4. Planning: If you dive into a fixer-upper without a plan, you could end up with a real money pit. So, if you’re not a planner and you don’t like being tied down to a long-term activity that will require a lot of ongoing planning (and adjustments along the way), you may want to think twice about shopping for a fixer-upper.

5 Advantages of Buying a Move-In Ready House

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Most homebuyers are looking for move-in ready houses because these homes offer several benefits, like (and not limited to):

  1. More predictable costs: Move-in ready homes won’t typically come with major renovations right after you buy. That means you can budget for the purchase price and closing costs without worrying about having to shell out more for a big-ticket item right after you move in. With that, you can get a better grip on your costs and even budget for some cosmetic updates, like fresh paint.
  2. More convenience and comfort: You can live in a move-in ready home as soon as you get the keys, enjoying functional appliances, plumbing, and electricity. In other words, you won’t have to live without any essentials with move-in ready homes, giving you an inviting place to call home right after you buy a house.
  3. Less stress: If you get a home inspection when you’re buying a move-in ready home, you can generally anticipate fewer uncertainties. That can go a long way to reducing stress in the home-buying process while giving you more peace of mind that you’re making a sound investment in a house.
  4. Time savings: You’re not going to be spending time on home renovation projects with a move-in ready home (unless you want to, that is). That can save you an immense amount of time and minimize disruptions as you move from a prior home into your new move-in ready house. If you have a super busy life, this time savings — coupled with less stress in the process — can be invaluable.
  5. More financing options: With traditional lenders usually preferring move-in ready houses, you may have more financing choices and loan options to choose from with these homes. That could mean better interest rates, more flexible terms, and more attractive financing, making move-in-ready homes a no-brainer choice for many buyers.

3 Factors to Think Twice About With Move-In Ready Homes

Move-in ready homes can come with their own challenges and potential downsides, depending on what you want and need in your next home.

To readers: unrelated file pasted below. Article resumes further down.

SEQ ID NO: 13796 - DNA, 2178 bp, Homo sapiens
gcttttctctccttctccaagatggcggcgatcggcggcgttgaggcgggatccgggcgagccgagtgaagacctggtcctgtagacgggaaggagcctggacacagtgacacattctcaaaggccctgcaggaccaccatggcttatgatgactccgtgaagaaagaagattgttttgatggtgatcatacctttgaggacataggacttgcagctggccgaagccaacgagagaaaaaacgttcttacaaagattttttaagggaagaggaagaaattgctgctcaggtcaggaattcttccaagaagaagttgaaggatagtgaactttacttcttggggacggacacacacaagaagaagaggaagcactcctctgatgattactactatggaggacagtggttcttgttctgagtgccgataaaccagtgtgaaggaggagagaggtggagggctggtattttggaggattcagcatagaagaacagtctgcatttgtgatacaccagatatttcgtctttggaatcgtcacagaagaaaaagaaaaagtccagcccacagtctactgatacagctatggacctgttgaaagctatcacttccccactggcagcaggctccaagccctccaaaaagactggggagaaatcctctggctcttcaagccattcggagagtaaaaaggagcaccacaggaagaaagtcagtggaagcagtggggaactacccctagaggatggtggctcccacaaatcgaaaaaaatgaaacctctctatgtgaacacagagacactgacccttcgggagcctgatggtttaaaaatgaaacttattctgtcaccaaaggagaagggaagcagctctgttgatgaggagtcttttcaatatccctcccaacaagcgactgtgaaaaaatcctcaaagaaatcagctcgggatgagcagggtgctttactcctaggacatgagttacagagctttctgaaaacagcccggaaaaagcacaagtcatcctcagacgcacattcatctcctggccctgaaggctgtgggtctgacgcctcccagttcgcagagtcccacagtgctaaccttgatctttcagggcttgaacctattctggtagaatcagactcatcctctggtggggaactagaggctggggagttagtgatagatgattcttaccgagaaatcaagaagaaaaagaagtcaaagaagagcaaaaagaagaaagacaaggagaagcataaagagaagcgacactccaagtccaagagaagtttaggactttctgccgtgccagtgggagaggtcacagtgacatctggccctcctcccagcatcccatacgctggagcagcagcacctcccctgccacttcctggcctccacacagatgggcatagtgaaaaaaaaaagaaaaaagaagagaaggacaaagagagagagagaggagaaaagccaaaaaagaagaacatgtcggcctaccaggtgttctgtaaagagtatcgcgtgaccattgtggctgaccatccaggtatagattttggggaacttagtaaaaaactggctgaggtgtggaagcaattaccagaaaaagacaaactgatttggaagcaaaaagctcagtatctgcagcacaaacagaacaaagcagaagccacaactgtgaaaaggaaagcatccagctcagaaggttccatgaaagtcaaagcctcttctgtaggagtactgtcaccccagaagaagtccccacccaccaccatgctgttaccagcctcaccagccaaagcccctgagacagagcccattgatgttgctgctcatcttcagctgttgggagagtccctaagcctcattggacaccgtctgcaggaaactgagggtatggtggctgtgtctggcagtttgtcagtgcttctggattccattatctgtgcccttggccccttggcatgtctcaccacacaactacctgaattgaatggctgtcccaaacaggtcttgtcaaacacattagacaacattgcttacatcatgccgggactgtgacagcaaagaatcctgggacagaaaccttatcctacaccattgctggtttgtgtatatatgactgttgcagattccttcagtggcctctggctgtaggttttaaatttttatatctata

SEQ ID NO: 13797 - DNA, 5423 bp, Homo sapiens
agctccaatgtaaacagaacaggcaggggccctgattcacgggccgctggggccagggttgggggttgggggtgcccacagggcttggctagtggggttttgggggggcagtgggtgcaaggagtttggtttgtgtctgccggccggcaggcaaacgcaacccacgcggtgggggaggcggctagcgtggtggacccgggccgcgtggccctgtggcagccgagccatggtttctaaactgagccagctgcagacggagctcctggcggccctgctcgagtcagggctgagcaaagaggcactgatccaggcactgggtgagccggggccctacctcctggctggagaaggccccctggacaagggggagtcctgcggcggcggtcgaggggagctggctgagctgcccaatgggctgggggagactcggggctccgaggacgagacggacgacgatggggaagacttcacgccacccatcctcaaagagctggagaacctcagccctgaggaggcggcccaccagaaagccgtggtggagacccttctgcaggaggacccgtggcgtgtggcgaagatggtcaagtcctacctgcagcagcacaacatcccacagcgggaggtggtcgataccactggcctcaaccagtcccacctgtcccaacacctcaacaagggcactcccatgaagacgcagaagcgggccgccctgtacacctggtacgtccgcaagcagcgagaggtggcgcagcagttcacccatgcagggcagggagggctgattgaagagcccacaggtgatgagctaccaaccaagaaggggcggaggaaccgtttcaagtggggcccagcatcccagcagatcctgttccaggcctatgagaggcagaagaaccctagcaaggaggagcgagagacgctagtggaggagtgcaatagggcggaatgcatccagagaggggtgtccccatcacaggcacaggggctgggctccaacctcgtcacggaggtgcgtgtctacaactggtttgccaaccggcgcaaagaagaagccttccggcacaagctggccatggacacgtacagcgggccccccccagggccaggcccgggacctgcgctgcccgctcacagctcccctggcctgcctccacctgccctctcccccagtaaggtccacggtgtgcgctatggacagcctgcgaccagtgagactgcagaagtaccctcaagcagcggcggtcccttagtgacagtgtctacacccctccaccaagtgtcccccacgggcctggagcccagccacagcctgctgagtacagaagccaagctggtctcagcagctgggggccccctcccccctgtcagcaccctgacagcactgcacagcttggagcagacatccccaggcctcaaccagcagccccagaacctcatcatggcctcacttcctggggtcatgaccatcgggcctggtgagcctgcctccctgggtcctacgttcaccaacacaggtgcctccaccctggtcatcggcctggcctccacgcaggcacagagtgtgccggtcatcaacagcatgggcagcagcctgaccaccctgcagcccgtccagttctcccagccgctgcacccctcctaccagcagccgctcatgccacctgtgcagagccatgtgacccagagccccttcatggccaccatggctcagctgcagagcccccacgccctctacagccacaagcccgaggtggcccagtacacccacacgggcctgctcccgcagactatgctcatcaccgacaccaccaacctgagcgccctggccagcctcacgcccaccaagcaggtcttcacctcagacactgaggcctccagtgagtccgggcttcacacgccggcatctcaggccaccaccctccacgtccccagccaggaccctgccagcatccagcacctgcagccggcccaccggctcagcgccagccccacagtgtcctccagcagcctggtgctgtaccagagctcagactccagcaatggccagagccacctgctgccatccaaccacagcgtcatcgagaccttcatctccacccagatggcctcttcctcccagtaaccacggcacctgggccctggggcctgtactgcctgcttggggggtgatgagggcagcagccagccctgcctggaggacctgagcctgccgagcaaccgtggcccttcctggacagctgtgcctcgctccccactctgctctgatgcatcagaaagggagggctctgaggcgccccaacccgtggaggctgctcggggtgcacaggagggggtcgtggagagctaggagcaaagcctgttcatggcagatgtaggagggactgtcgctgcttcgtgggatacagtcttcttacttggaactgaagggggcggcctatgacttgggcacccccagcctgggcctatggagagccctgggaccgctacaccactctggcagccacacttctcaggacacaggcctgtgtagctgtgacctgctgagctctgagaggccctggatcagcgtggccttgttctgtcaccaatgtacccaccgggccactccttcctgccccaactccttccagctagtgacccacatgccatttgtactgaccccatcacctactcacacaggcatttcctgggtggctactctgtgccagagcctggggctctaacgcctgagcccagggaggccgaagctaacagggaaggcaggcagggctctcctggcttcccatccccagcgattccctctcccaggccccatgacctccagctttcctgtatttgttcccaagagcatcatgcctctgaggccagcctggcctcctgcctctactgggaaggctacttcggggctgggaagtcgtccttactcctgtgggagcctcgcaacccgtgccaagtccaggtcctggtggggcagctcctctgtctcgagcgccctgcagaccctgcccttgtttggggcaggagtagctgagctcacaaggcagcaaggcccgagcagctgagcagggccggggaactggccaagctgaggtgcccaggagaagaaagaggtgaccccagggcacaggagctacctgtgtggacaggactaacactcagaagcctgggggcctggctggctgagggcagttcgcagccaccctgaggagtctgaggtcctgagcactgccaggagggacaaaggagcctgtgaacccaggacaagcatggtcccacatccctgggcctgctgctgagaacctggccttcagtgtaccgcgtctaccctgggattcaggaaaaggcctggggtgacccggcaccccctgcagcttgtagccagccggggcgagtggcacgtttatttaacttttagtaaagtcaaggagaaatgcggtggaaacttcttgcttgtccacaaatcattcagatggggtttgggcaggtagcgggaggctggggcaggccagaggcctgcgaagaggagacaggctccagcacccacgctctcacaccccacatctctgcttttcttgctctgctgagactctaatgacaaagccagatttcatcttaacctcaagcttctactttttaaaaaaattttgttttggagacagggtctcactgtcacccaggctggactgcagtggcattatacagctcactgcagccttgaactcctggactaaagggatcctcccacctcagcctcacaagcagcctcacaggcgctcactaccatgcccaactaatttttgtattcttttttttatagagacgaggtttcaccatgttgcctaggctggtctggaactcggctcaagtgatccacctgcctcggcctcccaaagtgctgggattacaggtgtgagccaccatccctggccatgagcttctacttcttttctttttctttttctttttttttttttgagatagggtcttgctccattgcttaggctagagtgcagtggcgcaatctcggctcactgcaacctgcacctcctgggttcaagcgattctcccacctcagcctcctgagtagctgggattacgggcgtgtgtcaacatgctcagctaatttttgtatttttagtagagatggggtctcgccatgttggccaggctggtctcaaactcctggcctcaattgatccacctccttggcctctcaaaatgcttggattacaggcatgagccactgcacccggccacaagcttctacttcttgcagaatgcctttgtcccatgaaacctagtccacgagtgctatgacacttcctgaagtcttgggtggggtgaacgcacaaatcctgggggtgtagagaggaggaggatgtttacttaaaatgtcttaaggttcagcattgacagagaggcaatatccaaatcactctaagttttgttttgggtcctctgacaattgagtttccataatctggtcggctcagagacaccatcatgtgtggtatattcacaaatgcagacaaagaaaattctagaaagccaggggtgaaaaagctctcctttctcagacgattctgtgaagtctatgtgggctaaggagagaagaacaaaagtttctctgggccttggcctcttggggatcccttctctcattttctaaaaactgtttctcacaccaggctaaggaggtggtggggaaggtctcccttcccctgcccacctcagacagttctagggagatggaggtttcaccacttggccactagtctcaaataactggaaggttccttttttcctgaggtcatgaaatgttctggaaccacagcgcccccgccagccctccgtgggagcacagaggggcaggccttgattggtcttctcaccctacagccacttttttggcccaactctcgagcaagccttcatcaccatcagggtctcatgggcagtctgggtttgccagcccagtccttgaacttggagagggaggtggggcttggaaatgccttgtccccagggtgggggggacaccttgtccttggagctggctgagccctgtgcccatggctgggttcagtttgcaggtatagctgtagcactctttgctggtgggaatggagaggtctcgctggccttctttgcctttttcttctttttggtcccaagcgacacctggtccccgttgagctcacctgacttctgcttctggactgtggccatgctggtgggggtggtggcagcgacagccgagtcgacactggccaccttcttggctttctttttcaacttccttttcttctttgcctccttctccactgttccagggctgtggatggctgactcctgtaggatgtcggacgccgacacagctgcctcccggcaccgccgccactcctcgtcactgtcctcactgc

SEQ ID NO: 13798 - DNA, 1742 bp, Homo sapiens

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That’s why it’s crucial to think twice about factors like the following with move-in ready houses:

  • Higher purchase prices: Move-in ready homes tend to be priced higher than comparable fixer-uppers. If you’re shopping in a popular neighborhood or a seller’s market, that could come with the risk of overpaying for some homes, especially if buyers end up in bidding wars.
  • Minimal customization: With move-in ready houses, you aren’t going to change the placement of windows, walls, or other structural features. Instead, you’re getting the space as you viewed it online or in person. That can mean little chance to alter things like flow, natural light, and room square footage.
  • More competition to buy: With more buyers in the market for move-in ready houses, you can face more competition trying to buy these homes, particularly in some neighborhoods and during certain times of the year. If you’re trying to buy in a more competitive market, you may have to act faster to view homes, put in offers, etc. because houses simply aren’t staying on the market for very long.

Should I Buy a Fixer-Upper or Move-In Ready House? The Bottom Line

Paying for Home Inspections

With fixer-uppers and move-in ready houses, it all comes down to your budget, how much time you have, and what you really want in your next home.

There are very good reasons to invest in fixer-uppers in Texas and move-in-ready homes in Houston, Dallas, Austin, San Antonio, and beyond.

There are also a lot of potential pitfalls that could trip you up if you get ahead of yourself in the home-buying process.  

The good news is that you don’t have to make this decision or other big ones about offers, negotiations, and closing alone. An experienced Realtor® at New Home Gurus can guide you every step, whether you’re a home buyer or a seller.

In fact, we work with home buyers and sellers across Texas, helping with offers, negotiations, and all aspects of closing. Plus, we split our commission with our clients after closing.

Homebuyers and sellers who work with New Home Gurus can get back an average of $4,500 to $12,000 at closing.

How Much Cash Can You Get after Closing?

Call (281) 668-8124 or Contact Us to Find Out Now

We are standing by, ready to answer your questions and explain the details of our commission-sharing program.